Elon Musk says Tesla Model 3 pre-orders hit 180,000, but can he deliver?

Tesla Chief Executive Elon Musk, speaking to an adoring crowd of Tesla fans, pronounced the Model 3 a success upon its birth Thursday night in Hawthorne. 

And by the reaction in person and online, Tesla fans overwhelmingly agreed. 

Pulling the covers off the fourth vehicle in the company's short history, Musk declared that more than 115,000 vehicles had been pre-ordered in the first 24 hours. By Friday morning, Musk tweeted an update that the number had climbed to 180,000 orders in 24 hours.

He said the selling price with an average option mix was probably about $42,000, which came out to a total of about $7.5 billlion in a day. 

"Future of electric cars looking bright," Musk tweeted.

Shares of Tesla stock surged Friday morning, gaining $10.43, or 4.5%, to $240.20.

Analysts said the number of pre-orders for the Model 3 exceeded their expectations.

“Typically, you don’t see pre-sales like that at all,” said Jack Nerad, executive editorial director and market analyst for Kelley Blue Book. “There’s a magic around Tesla. There’s a magic around Elon Musk that has enthralled a lot of people.”

In a Friday note, Evercore ISI said investors surveyed Thursday predicted that Model 3 orders would total 55,000 in 72 hours. By the end of the year, they expected orders to hit 117,000 cars.

Evercore analysts said in the report they had thought the survey results were “overly optimistic.”

“How wrong could we have been?” the report said.

Traditionally, mass market auto customers have wanted to see vehicles for themselves, take a test drive and read reviews before putting down a deposit – none of which happened Thursday with Tesla, according to the report.

“It seems that Tesla’s brand equity has enabled it to break all convention with consumers happy to place a ‘blind’ order,” the report said. 

Tesla’s previous models have been plagued by delivery delays, and this history could be an indicator of what is to come, Nerad said.

But it might not necessarily dissuade the scores of people who put down deposits since many are already familiar with Tesla’s history and are prepared to wait until 2018 to get the car, said Jessica Caldwell, senior analyst at Edmunds.com.

Despite the number of “rabid” Tesla fans, Nerad said conventional automakers with electric vehicles will still be able to compete through the sheer number of dealerships and their retail power.

“The key ingredient for a broad line manufacturer is they can sell and probably will sell EVs [electric vehicles] at a loss,” he said. “I think Tesla Motors can’t continue to operate at a loss forever. This is when they’re really supposed to become much more than a niche player in the industry.”

The lower, sleeker Tesla -- at least 20% smaller in stature than its bigger brother, the Model S -- will be able to go from 0 to 60 mph in less than six seconds in its most affordable configuration. 

"The Model S and X made the Model 3 possible," Musk said. "So to all of you who bought an S or an X, thanks for paying for this."

He noted that with any new technology "it takes multiple iterations ... and economies of scale before you can make it affordable."

The Model 3 will be fitted with Tesla's "autopilot" features, which have helped the car be among the safest on highways.

Standing before a collection of new Model 3s, Musk reminded the audience that the car represented the culmination of a long-held dream to bring affordable, zero-pollution vehicles to the world's highways.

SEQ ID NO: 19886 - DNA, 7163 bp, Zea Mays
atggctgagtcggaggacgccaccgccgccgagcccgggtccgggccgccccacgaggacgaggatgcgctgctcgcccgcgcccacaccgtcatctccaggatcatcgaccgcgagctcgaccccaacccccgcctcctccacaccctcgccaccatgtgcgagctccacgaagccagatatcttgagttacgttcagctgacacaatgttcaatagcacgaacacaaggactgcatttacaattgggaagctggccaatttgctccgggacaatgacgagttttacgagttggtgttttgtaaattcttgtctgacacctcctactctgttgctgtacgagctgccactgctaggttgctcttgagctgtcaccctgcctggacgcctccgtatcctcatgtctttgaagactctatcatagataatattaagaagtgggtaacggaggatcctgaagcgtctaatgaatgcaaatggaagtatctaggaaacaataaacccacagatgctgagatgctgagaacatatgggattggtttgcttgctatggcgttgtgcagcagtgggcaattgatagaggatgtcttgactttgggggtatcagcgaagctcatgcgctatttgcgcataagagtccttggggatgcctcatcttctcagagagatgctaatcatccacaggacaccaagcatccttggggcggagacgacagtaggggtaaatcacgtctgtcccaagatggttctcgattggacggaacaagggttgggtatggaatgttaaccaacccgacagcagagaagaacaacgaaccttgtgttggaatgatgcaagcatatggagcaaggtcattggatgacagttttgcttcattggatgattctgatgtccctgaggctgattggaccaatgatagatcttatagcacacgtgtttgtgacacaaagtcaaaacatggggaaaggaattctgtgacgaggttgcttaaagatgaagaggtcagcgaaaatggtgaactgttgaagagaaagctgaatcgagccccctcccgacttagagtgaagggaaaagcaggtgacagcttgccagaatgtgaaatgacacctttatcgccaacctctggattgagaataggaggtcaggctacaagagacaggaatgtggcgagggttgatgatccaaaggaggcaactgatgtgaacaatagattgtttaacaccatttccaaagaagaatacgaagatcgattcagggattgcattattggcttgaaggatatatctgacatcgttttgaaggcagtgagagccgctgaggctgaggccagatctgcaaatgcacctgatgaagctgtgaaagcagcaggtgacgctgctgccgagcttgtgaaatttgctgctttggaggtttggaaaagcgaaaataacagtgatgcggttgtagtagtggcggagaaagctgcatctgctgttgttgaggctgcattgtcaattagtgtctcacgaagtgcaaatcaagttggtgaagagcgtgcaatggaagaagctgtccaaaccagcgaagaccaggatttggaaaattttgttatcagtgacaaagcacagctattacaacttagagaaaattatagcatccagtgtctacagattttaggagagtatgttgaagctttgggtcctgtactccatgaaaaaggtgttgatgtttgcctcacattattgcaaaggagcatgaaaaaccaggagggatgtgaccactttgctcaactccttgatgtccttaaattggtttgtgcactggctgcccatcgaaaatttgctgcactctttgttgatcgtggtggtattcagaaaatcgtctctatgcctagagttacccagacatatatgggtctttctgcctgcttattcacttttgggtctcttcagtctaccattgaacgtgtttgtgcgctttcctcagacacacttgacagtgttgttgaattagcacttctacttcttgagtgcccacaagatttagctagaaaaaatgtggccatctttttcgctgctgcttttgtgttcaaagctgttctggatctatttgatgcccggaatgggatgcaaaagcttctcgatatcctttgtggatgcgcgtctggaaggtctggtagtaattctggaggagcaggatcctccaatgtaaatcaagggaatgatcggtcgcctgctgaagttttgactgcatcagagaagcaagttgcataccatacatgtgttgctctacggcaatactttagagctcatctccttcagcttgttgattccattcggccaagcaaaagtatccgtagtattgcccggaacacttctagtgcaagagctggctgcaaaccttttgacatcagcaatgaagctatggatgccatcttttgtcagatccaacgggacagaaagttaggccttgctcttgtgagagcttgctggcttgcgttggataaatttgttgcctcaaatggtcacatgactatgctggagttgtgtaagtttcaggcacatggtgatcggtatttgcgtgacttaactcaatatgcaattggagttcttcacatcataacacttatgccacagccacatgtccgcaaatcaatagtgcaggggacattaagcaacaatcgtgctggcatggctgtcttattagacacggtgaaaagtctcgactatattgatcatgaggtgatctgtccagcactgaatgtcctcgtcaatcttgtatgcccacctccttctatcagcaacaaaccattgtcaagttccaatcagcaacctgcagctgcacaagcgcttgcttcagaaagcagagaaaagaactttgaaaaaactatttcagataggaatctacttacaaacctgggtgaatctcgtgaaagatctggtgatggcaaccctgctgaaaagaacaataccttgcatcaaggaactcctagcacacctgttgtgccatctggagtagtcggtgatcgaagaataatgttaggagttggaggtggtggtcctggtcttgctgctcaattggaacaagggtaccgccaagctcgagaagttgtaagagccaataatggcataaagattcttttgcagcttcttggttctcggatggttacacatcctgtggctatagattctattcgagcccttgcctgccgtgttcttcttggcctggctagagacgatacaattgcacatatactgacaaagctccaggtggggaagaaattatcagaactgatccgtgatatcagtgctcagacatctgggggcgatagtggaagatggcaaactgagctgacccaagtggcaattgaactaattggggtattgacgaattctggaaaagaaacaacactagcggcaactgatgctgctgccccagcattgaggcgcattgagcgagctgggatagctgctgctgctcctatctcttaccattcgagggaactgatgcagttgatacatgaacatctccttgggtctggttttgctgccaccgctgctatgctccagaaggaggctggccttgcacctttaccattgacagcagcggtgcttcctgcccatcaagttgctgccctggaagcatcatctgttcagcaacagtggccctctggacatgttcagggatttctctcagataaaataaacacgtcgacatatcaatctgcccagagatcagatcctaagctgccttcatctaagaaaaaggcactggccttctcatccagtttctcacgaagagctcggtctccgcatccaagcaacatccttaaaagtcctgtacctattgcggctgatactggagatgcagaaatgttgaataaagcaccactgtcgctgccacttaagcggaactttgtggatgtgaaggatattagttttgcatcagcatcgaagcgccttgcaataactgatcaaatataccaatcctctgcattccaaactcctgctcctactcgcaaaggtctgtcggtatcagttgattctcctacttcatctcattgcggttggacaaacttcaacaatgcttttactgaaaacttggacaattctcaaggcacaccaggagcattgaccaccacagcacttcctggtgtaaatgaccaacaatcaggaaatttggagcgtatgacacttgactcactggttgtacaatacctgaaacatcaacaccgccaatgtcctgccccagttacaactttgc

Musk began his pitch by pointing out that CO2 levels and global temperatures were at record highs, and said the Model 3 would be a solution to that problem. 

Earlier in the day, Tesla showrooms around the world were flooded with eager customers who happily plunked down $1,000 deposits to reserve their cars.

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They didn’t know what the car looked like, how it would perform or even the exact price, but that didn't matter to the most ardent of fans, some of whom camped out for hours overnight to be among the first in line for the car. The car won't become available until late 2017 at the earliest.

Analysts said the event more closely resembled the premiere of a blockbuster film or the latest food fad than the release of a new car.

“Other carmakers launch new models all the time and I don’t remember ever seeing this level of excitement,” said Max Zanan, co-founder and chief executive of IDDS Group, an automotive consulting firm in New York. Tesla “has been able to carve out their own customer base and that base is willing to delay purchasing other cars and wait for a Tesla.”

Even with Thursday's excitement, critics say the Model 3 may arrive too late to beat other equally affordable long-range plug-ins coming from major manufacturers, and it will be competing for a stubbornly small share of the car-buying public interested in plug-in electric technology.

And there are doubts that the company can even get the car on the road in a timely fashion.

The industry publication Green Car Reports has said the success or failure of the Model 3 "will almost certainly make or break Tesla as a car company."

Staff writer Shan Li contributed to this report.

Twitter: @misterfleming 

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UPDATE

9:44 a.m.: This article was updated with additional comments from analysts about pre-orders and information from a tweet by Elon Musk.

9:07 a.m.: This article was updated with additional comments from analysts about pre-orders exceeding expectations.

7:51 a.m.: This article was updated with Tesla's stock price and a statement from an analyst at Kelley Blue Book. 

This article was originally published at 3 a.m.

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